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How the Financial Planning Industry has Failed Women…and How We Fix it

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“I know I shouldn’t have so much just sitting in cash,” my client says as we’re looking at her checking account, and then she laughs a little bit to deflect her discomfort. “I should do something with it, I know, but I just like having it there. I like to see it and know it’s right there in case I need it.” We’re not looking at $5,000 or $25,000 of cash either. We’re talking $100,000, $300,000, even $1,000,000 or more of cash on the sidelines that I’ve worked through with my clients who are high achieving women.

I want to be clear about the gender distinction: I have worked with men who also like to have significant cash on the sidelines, but I’ve never seen them keep the same percentage of their wealth in cash as I have with women business owners. Through our conversations, I’ve found that these women know they are holding themselves back from creating significant wealth by keeping so much cash, but that big balance in the checking account becomes a security blanket that is really scary to let go of.

There’s an underlying reason for that feeling of insecurity though, women didn’t just decide en masse to be fearful of the stock market. Early in my career, I had a front-row seat to watching the problem unfold time after time in meetings with spouses (specifically husband and wife) where the (always male) advisor would talk directly and almost exclusively to the husband. The warm-up chit-chat might include both husband and wife, but the “business” was nearly always directed towards the husband. Eventually, the wife would just stop coming to meetings altogether.

The recent Allianz Women, Money, and Power study from 2019 bears out this experience with clients in actual data, and paints a very clear picture of how women feel about their own agency and the communication between themselves and financial professionals. 60% of married/partnered women who are working with a financial professional say their partner is treated as the exclusive decision-maker, regardless of how much of the income she makes. Single women experience similar problems, frequently feeling patronized by financial advisors, like their ideas aren’t listened to and like their goals aren’t fully understood.

Getting back to all that cash sitting on the sidelines, women’s reluctance to trust financial professionals, and the process of investing for the long-term starts with that experience of being talked over, not listened to, and not included in the conversation. When that happens in little and big ways throughout a woman’s 20’s, 30’s, 40’s and beyond, it becomes a significant hurdle to clear emotionally in order to trust someone else with their money. In terms of actual dollars and cents, this puts women way behind the curve in building wealth…instead of letting their money compound and grow by being invested for decades, it sits in cash earning next to nothing for all that time. Over the course of a career, that can equal millions of dollars left on the table.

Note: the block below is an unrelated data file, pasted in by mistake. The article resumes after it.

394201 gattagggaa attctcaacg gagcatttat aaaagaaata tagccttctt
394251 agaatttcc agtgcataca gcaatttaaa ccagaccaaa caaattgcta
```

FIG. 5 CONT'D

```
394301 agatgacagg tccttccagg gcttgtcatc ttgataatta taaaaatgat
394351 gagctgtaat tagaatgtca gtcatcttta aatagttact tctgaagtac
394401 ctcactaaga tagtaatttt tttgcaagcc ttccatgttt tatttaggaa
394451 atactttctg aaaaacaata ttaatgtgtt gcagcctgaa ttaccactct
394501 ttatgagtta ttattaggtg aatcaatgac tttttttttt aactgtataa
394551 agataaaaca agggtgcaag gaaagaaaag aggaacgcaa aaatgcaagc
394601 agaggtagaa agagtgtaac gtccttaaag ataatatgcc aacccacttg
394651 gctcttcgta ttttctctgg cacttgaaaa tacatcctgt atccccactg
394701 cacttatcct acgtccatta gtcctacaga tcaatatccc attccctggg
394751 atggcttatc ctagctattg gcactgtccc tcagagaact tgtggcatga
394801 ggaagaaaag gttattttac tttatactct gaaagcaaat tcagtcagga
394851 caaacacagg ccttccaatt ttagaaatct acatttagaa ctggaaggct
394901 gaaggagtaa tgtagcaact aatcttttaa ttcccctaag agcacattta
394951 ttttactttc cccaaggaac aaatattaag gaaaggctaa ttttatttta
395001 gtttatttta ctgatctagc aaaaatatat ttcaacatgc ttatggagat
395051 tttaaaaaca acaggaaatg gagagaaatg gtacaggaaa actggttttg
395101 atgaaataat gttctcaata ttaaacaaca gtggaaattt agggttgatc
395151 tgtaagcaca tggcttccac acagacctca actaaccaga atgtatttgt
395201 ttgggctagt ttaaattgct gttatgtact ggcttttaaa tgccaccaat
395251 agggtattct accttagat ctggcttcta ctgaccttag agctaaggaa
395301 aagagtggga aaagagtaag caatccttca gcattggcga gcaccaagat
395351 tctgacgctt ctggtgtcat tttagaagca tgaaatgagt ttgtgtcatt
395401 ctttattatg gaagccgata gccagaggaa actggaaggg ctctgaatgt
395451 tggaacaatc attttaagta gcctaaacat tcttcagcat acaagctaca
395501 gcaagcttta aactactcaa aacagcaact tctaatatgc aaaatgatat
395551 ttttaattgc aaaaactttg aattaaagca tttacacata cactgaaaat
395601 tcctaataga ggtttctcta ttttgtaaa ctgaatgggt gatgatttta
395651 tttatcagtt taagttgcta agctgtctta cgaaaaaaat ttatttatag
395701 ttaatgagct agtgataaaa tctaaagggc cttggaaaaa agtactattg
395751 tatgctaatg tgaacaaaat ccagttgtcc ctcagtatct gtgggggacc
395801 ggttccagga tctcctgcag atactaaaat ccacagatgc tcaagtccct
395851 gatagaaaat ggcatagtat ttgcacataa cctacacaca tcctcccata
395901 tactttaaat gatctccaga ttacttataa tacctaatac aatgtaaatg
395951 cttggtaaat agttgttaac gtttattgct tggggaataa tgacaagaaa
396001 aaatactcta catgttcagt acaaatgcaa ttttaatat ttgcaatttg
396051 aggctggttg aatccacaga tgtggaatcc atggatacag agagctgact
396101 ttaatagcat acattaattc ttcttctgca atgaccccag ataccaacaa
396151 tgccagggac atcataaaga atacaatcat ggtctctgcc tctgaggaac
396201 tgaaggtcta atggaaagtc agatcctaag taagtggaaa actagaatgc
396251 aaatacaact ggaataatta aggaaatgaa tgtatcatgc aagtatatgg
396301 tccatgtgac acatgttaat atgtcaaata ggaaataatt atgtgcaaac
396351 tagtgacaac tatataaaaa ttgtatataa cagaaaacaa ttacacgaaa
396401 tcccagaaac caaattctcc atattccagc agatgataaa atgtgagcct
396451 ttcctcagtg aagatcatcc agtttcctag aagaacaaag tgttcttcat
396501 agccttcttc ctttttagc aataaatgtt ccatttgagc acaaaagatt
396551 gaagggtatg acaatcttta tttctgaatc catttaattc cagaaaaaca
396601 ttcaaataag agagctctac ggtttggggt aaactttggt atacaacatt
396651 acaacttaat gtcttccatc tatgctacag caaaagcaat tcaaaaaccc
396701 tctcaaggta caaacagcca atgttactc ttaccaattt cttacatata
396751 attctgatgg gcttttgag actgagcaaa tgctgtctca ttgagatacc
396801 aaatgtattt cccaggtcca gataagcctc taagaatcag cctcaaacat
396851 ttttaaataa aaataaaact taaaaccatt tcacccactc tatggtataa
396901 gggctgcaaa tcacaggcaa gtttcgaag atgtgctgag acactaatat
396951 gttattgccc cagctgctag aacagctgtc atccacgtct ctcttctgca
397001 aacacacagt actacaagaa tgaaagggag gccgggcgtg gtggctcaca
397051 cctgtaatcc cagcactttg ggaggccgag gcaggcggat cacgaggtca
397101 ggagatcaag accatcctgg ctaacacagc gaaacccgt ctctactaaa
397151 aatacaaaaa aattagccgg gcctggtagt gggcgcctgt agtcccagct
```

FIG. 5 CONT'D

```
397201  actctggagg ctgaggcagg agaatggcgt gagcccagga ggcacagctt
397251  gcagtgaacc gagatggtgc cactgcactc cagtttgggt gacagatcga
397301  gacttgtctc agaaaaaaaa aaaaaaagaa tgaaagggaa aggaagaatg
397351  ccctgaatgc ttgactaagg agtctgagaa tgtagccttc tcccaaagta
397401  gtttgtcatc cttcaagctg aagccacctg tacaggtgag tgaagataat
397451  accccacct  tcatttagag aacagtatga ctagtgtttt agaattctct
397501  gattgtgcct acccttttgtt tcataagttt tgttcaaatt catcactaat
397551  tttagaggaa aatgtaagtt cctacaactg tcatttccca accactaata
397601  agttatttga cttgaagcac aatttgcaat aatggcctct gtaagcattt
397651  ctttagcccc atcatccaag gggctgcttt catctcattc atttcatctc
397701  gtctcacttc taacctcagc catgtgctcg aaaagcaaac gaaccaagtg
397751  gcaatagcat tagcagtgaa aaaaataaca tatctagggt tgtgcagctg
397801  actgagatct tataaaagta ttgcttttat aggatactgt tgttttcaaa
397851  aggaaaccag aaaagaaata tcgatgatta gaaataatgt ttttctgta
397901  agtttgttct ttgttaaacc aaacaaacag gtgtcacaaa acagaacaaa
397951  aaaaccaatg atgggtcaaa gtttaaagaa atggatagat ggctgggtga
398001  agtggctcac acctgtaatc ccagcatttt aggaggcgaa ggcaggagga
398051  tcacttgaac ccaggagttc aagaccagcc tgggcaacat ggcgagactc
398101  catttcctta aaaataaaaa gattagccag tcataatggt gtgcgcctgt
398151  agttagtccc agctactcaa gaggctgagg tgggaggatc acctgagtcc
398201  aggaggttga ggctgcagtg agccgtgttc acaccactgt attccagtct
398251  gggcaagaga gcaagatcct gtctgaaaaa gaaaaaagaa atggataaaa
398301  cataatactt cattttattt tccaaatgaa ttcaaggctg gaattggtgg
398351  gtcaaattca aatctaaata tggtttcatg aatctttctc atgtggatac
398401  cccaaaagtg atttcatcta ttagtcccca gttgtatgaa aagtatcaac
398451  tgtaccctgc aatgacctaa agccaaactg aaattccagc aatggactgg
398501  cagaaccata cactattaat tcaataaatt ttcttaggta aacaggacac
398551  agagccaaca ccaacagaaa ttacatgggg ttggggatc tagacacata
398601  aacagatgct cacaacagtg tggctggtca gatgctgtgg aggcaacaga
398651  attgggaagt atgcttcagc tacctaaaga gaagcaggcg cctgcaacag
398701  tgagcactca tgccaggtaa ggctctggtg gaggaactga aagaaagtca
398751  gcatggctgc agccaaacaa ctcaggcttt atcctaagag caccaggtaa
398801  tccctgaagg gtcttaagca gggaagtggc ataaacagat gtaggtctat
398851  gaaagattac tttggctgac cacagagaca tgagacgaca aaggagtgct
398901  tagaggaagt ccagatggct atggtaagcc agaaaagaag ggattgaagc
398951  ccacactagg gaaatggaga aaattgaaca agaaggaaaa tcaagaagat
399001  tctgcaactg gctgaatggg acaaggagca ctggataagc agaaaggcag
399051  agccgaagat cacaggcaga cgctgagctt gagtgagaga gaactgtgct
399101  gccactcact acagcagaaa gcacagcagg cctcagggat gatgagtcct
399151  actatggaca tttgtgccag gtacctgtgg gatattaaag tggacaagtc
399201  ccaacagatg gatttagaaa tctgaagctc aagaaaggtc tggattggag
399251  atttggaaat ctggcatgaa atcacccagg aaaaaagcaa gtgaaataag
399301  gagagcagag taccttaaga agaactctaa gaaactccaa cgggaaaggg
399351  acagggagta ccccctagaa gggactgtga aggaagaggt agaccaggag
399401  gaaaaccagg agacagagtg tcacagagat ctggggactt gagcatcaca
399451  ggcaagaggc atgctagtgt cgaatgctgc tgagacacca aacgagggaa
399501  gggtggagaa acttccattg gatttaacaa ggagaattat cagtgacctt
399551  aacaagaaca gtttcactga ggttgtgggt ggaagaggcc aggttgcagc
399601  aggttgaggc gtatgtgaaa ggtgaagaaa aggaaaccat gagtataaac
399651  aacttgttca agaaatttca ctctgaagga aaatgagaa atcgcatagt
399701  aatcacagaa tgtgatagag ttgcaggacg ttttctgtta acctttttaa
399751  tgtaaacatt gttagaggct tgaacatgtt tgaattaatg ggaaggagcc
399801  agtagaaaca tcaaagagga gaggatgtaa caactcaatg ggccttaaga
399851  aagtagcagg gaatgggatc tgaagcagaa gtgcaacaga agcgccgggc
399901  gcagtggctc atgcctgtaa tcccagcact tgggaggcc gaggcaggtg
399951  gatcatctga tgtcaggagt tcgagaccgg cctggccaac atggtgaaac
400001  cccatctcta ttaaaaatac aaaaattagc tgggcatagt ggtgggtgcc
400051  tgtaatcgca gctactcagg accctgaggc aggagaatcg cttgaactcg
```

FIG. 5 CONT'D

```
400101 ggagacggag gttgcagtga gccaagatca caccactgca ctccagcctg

…instead of letting their money compound and grow by being invested for decades, it sits in cash earning next to nothing for all that time. Over the course of a career, that can equal millions of dollars left on the table.

 

Through countless conversations, it became clear that the main factors leading to all that missed opportunity in women’s lives was a lack of understanding about financial topics, and not feeling like they could trust an advisor to help them in their decision making. Once women find that trusted source of information and that trusted advisor that will listen to them fully, they can create a financial plan that makes the path to wealth and goal achievement clear. And once they know they are getting advice that is only and always in their best interest, they can overcome the emotional hurdles keeping them from achieving significant wealth and finally feel safe in taking that next step of investing for their future.

It’s time for us to stop playing small in the financial arena. Women have risen to the top of male-dominated fields, broken glass ceilings through incredible amounts of determination and perseverance, and now we need to level the playing field financially as well. Women can change the world. Let’s build wealth that can make an impact in our own lives and an even bigger impact for the girls and young women coming up behind us who will continue building on the progress we make together.

This article is written by Hannah Chapman

As a wealth advisor and a fiduciary, I am committed to doing what’s in the best interest of my clients at all times, no matter what. I founded X² Wealth Planning because I saw a need for a different type of financial advisor: one that really “gets” the needs of women business owners and who can guide women through the wealth-building process with compassion, joy, and ease. Growing up in an entrepreneurial household and eventually becoming an entrepreneur myself, I am uniquely positioned to help business owners understand their finances, build wealth efficiently and effectively, and protect that wealth for the future.

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